CBS Sports college basketball writers Gary Parrish and Matt Norlander surveyed more than 100 coaches for our annual Candid Coaches series. They polled everyone from head coaches at elite programs to assistants at some of the smallest Division I schools. In exchange for complete anonymity, the coaches provided unfiltered honesty about a number of topics in the sport. Over the next couple of weeks, we'll be posting the results on 10 questions we asked them.

Duke and Kentucky remain co-favorites to win the 2019 NCAA Tournament, according to oddsmakers. But Kansas is right there with them and guaranteed to be No. 1 in some, if not most, preseason rankings. In other words, there is no consensus No. 1. So it was unsurprising that no team got even 40 percent of the vote when we asked more than 100 college basketball coaches the following question:

Who will be the best team in college basketball in the 2018-19 season?

CBS Sports / Mike Meredith
Kansas 38 percent
Kentucky 18 percent
Duke 15 percent
Gonzaga 11 percent
Tennessee 9 percent
Virginia 5 percent
Nevada 2 percent
Villanova 2 percent

Quotes that stood out

On Kansas ...

  • "They've got enough coming back. Have had some guys sitting. Add that to what they've added in terms of their recruiting class, and they've got all the makings of a national championship team. When Bill Self likes his team, you're in trouble. I think he likes this team. Deep, big and can overwhelm you at a lot of positions."
  • "Kansas is talented, deep and old. They have to be the favorite to win it all. Dedric Lawson is going to dominate that league."
  • "They have the best mixture of talent and experience. Plus, they have the transfers that have proven they can play and score at a high level."

On Kentucky ...

  • "Kentucky is going to be a little older than usual. That'll make all the difference in the world."
  • "I just got a chance to watch Kentucky [play exhibitions in the Bahamas]. It looks like their talent-level is off the charts. And I think the world of [John Calipari] as a basketball coach. I don't think he gets the credit he deserves. He gains notoriety in a lot of ways. But nobody talks about him as a top-level tactician."
  • "I don't know if they have a freshman star like Anthony Davis or Karl Towns. But they have five-star kids like always. And getting Reid Travis was big. They've got experienced guys. That helps a lot."

On Duke ...

  • "On paper the individual talent Duke has is ridiculous. If Coach K can get those guys to blend together and play to their ceiling, they will be tough to beat."
  • "Nobody has more talent than Duke. They have three lottery picks."
  • "Duke might have some ups and downs early because they're so young. But that's the team with the highest ceiling. R.J. Barrett is ridiculous."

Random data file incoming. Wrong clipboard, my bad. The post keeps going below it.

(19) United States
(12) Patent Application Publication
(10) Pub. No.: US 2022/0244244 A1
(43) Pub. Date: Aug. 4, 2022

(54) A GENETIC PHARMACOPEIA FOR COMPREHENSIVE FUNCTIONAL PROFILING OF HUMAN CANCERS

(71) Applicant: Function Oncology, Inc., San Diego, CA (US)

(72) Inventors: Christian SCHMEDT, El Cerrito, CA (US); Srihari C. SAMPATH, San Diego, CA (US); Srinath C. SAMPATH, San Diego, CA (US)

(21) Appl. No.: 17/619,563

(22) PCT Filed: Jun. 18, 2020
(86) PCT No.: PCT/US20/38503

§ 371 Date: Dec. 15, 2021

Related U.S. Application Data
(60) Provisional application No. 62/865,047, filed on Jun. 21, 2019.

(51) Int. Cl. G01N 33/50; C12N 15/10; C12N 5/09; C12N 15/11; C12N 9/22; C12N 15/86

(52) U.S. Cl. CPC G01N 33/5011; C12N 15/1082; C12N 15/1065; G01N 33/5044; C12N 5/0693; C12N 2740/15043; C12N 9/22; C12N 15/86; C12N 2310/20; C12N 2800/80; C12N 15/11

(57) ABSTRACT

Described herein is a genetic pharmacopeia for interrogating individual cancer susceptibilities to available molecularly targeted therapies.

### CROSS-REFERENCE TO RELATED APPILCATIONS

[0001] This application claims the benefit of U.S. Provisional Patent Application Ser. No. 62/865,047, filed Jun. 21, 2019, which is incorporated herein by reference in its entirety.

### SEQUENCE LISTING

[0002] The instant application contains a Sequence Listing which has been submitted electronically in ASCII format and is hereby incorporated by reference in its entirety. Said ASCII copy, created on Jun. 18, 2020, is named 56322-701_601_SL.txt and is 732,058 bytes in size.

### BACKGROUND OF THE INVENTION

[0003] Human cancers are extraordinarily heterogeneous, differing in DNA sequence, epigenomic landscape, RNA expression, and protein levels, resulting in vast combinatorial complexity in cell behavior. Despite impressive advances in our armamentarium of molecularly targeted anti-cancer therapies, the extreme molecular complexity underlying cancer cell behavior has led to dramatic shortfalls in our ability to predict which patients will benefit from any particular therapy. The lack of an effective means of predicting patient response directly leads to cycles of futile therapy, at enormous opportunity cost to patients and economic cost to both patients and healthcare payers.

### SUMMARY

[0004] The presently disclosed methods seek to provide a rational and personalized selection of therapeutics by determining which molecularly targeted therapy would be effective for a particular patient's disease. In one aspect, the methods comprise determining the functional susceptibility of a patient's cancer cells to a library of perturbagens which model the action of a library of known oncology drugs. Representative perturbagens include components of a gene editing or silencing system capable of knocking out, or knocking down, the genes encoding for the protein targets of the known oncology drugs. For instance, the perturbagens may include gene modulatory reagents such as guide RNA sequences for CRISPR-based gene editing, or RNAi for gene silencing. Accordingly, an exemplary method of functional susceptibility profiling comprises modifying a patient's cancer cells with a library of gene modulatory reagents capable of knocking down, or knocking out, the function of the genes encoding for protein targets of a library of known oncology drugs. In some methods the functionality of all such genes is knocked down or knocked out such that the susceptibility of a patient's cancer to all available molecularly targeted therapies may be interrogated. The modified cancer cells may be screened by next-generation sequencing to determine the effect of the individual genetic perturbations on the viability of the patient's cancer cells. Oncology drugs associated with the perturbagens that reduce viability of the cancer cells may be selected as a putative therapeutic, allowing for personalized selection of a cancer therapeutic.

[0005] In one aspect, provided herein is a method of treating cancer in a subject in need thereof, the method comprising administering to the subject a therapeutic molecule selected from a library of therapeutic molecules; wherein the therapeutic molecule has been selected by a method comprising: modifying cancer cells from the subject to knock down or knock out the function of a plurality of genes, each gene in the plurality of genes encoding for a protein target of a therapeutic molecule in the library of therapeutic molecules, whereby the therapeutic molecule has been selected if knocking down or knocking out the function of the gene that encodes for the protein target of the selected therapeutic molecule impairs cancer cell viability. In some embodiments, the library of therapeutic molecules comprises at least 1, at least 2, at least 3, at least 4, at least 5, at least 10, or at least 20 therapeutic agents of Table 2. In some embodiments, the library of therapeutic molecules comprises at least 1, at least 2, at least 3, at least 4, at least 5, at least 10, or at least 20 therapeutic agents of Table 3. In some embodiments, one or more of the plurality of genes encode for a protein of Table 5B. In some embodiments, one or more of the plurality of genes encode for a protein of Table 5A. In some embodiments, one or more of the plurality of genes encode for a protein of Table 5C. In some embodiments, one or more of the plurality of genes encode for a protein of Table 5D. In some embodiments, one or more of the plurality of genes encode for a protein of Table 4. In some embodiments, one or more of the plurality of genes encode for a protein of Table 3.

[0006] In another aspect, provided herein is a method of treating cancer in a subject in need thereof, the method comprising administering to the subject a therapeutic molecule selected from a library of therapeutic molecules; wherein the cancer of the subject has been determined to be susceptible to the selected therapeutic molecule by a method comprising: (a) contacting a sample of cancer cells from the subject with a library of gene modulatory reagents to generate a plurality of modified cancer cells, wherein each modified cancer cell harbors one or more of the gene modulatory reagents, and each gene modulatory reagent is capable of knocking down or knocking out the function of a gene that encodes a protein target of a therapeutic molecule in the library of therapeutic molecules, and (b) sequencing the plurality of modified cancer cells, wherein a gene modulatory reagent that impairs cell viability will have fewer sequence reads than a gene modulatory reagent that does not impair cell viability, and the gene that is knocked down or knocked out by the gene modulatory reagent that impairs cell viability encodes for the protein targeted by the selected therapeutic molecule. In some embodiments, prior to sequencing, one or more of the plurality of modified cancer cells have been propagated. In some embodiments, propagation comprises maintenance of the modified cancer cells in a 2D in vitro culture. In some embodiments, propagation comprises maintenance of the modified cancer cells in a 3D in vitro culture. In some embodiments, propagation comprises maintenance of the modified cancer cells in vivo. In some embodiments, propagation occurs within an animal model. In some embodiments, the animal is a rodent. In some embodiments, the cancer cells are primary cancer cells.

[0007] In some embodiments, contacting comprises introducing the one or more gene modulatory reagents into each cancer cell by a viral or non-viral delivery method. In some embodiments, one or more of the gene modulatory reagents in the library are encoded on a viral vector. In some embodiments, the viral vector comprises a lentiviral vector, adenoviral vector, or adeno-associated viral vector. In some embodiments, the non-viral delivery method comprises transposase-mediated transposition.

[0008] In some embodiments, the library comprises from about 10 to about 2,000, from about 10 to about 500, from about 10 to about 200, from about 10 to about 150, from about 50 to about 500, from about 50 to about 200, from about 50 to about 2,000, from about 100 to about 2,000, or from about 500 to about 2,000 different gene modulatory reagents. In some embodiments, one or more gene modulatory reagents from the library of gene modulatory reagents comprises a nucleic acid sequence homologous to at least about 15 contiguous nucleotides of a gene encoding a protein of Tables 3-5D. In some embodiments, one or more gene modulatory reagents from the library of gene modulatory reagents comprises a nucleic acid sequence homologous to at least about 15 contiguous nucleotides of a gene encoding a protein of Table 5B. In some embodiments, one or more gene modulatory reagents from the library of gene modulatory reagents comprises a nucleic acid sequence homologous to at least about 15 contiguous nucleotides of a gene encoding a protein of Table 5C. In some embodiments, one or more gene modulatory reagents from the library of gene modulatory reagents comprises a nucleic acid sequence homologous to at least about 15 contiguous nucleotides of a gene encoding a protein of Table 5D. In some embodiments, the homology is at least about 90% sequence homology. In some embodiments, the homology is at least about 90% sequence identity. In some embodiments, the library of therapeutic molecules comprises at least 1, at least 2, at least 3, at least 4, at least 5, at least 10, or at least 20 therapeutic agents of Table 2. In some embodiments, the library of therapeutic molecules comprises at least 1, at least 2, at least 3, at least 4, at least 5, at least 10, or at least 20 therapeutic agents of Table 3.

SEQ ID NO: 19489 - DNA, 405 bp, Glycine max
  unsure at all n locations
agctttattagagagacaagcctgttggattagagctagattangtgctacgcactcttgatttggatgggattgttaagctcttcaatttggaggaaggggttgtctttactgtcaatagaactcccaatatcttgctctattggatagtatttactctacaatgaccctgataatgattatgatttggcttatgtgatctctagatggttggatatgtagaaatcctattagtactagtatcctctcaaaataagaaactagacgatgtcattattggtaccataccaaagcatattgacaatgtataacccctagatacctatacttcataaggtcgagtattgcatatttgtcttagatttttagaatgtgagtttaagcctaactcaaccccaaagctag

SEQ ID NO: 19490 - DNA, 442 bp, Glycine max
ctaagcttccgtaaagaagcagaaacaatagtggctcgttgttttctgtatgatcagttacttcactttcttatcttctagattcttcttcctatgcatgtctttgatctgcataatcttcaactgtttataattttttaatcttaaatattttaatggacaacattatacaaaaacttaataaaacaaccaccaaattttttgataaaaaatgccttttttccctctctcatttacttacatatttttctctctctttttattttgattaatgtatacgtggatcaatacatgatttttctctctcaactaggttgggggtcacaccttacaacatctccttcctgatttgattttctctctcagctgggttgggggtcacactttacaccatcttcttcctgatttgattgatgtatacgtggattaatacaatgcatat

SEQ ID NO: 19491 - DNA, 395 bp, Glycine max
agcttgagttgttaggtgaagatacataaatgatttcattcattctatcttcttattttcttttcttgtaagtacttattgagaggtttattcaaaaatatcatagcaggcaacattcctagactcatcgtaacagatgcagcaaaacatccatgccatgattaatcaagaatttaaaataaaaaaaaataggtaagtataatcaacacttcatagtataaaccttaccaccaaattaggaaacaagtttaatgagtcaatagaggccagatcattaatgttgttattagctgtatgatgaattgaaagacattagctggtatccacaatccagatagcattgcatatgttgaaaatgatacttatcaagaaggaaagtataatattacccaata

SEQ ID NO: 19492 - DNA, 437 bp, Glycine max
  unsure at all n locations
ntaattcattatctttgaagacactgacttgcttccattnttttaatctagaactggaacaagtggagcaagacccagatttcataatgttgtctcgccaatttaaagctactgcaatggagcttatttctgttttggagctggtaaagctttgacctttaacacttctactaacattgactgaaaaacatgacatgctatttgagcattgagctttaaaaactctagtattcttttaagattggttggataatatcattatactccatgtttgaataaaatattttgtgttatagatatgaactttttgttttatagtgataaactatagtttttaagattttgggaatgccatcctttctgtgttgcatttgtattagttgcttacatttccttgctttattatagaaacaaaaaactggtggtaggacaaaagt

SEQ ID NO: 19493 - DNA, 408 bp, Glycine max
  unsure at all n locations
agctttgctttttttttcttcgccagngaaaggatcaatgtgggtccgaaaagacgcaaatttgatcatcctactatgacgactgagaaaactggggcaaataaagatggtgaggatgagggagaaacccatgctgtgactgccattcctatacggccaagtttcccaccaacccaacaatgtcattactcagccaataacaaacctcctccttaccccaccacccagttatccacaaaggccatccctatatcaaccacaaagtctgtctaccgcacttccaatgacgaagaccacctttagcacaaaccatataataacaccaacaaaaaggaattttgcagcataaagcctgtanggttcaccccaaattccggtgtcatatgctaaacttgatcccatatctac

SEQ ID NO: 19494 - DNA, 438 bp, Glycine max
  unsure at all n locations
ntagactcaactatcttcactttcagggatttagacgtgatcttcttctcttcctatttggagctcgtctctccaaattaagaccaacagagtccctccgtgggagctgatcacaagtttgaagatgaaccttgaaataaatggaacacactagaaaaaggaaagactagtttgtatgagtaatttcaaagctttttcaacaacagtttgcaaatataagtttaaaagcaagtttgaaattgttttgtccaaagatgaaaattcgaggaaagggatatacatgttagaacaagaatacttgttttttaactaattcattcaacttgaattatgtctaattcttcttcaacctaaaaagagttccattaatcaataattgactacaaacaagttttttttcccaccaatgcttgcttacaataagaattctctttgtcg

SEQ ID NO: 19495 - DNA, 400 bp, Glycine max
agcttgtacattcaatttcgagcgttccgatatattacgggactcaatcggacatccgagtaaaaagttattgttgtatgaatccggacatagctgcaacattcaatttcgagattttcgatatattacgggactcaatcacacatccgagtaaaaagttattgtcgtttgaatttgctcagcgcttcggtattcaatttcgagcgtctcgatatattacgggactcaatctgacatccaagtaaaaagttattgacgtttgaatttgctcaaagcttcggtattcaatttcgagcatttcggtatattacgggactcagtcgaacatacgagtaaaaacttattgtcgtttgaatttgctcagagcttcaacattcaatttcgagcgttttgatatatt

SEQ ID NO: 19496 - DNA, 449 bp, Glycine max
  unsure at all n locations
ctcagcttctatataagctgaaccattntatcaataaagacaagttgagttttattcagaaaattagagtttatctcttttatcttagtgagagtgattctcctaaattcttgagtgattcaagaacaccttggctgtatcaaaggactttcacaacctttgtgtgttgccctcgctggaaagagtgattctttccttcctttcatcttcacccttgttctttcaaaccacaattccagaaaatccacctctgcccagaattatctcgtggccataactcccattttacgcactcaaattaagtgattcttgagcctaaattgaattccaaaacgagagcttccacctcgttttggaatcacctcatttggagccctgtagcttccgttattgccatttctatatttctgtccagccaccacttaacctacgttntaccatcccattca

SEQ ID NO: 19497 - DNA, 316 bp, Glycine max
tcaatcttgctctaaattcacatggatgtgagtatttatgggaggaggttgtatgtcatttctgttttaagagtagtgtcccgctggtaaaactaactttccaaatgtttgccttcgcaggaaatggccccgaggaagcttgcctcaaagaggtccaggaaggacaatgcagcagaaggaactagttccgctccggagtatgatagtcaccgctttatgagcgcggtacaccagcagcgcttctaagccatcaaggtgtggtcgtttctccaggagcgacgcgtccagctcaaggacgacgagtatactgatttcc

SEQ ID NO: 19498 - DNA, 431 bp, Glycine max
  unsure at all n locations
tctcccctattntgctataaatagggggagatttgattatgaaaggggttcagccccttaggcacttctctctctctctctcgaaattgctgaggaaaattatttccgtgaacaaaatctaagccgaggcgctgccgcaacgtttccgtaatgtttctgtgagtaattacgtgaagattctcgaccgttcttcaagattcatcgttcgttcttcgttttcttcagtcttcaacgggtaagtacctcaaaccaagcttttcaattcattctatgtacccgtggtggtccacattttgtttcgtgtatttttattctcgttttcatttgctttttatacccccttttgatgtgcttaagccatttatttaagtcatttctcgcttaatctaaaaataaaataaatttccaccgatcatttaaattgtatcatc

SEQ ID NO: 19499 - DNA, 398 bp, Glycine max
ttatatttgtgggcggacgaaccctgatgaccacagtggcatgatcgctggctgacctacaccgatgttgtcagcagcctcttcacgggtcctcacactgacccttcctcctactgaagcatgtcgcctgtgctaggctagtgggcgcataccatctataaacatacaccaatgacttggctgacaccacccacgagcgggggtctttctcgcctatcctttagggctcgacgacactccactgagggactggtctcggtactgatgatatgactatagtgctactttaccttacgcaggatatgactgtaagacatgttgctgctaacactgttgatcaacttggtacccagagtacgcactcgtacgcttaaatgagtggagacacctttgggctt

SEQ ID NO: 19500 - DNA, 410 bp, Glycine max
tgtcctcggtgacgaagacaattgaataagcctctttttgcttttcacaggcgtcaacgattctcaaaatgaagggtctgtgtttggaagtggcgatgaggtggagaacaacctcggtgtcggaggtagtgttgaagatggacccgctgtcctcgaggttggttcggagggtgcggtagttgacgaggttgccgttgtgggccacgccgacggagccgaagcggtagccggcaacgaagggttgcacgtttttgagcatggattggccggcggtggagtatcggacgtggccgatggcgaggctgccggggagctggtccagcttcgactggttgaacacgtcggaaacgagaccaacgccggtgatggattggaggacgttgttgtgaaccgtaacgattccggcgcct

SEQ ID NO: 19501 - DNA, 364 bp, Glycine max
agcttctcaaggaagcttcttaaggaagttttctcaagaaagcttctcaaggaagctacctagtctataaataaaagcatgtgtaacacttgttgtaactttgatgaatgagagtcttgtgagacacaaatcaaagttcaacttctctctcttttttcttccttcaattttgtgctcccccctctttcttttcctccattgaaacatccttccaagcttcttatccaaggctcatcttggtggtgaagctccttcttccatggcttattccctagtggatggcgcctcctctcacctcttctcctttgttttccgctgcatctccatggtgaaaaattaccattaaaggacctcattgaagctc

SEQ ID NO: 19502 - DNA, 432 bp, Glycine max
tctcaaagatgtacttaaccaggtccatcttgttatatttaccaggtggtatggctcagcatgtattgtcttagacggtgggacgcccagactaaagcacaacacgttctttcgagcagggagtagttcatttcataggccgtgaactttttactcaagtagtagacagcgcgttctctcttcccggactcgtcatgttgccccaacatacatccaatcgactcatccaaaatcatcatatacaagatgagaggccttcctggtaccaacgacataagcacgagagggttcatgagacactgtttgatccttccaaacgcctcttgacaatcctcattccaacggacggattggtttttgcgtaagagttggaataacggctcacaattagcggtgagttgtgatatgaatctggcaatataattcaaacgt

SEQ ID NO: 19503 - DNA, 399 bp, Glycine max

The takeaway

As I've written before, to me, this is a question for which there are two acceptable answers: Kansas or Kentucky. So the top two answers we got from coaches make sense. And even though I have Kentucky No. 1 in the CBS Sports Top 25 (and one), I have no issue with the coaches preferring Kansas. It's reasonable and, I can admit, possibly right.

Because Kansas is loaded.

What I like most about the Jayhawks is how they check every box. Hall of Fame coach? Check. Proven Division I performers? Check. Five-star freshmen? Check. Future pros? Check. Depth? Check.

Kansas has everything you need to win a national title -- including five players who have already averaged more than 12.0 points per game at the high-major level. The best of the bunch should be Dedric Lawson. He's a 6-foot-9 transfer who averaged 19.2 points and 9.9 rebounds two seasons ago at Memphis. And multiple people close to KU's program have told me they expect him to be the Big 12 Player of the Year.

So, yeah, Kansas, is great on paper.

But Kentucky is too.

Needless to say, the Wildcats have another stellar freshman class filled with five-star recruits. But the key, I think, is the likelihood that three of their top six players will be non-freshmen who have already averaged more than 9.0 points per game at the high-major level -- among them Stanford transfer Reid Travis. The last time John Calipari had that -- again, three non-freshmen on his roster who have already averaged more than 9.0 points per game at the high-major level -- was in the 2011-12 season. The result was a national title.

As for Duke, like one coach accurately noted, nobody has more individual talent. Freshman R.J. Barrett will likely be the No. 1 pick in the 2019 NBA Draft. Fellow freshmen Cam Reddish and Zion Williamson are also projected lottery picks. And this is why the Blue Devils are the co-favorites with oddsmakers. But the reason I'm hesitant to label them similarly is because they don't return a single player who has ever averaged even 13.0 minutes or 4.0 points in college. And, for what it's worth, a team built that way has never won a national championship.

Could Duke be the first?

Of course.

Only a fool would count Mike Krzyzewski and three lottery picks out in August. But Kansas and Kentucky, for all the reasons stated, seem like safer picks to be consistently great. And the results of our poll reflect that opinion.

CBS Sports' Candid Coaches series for college football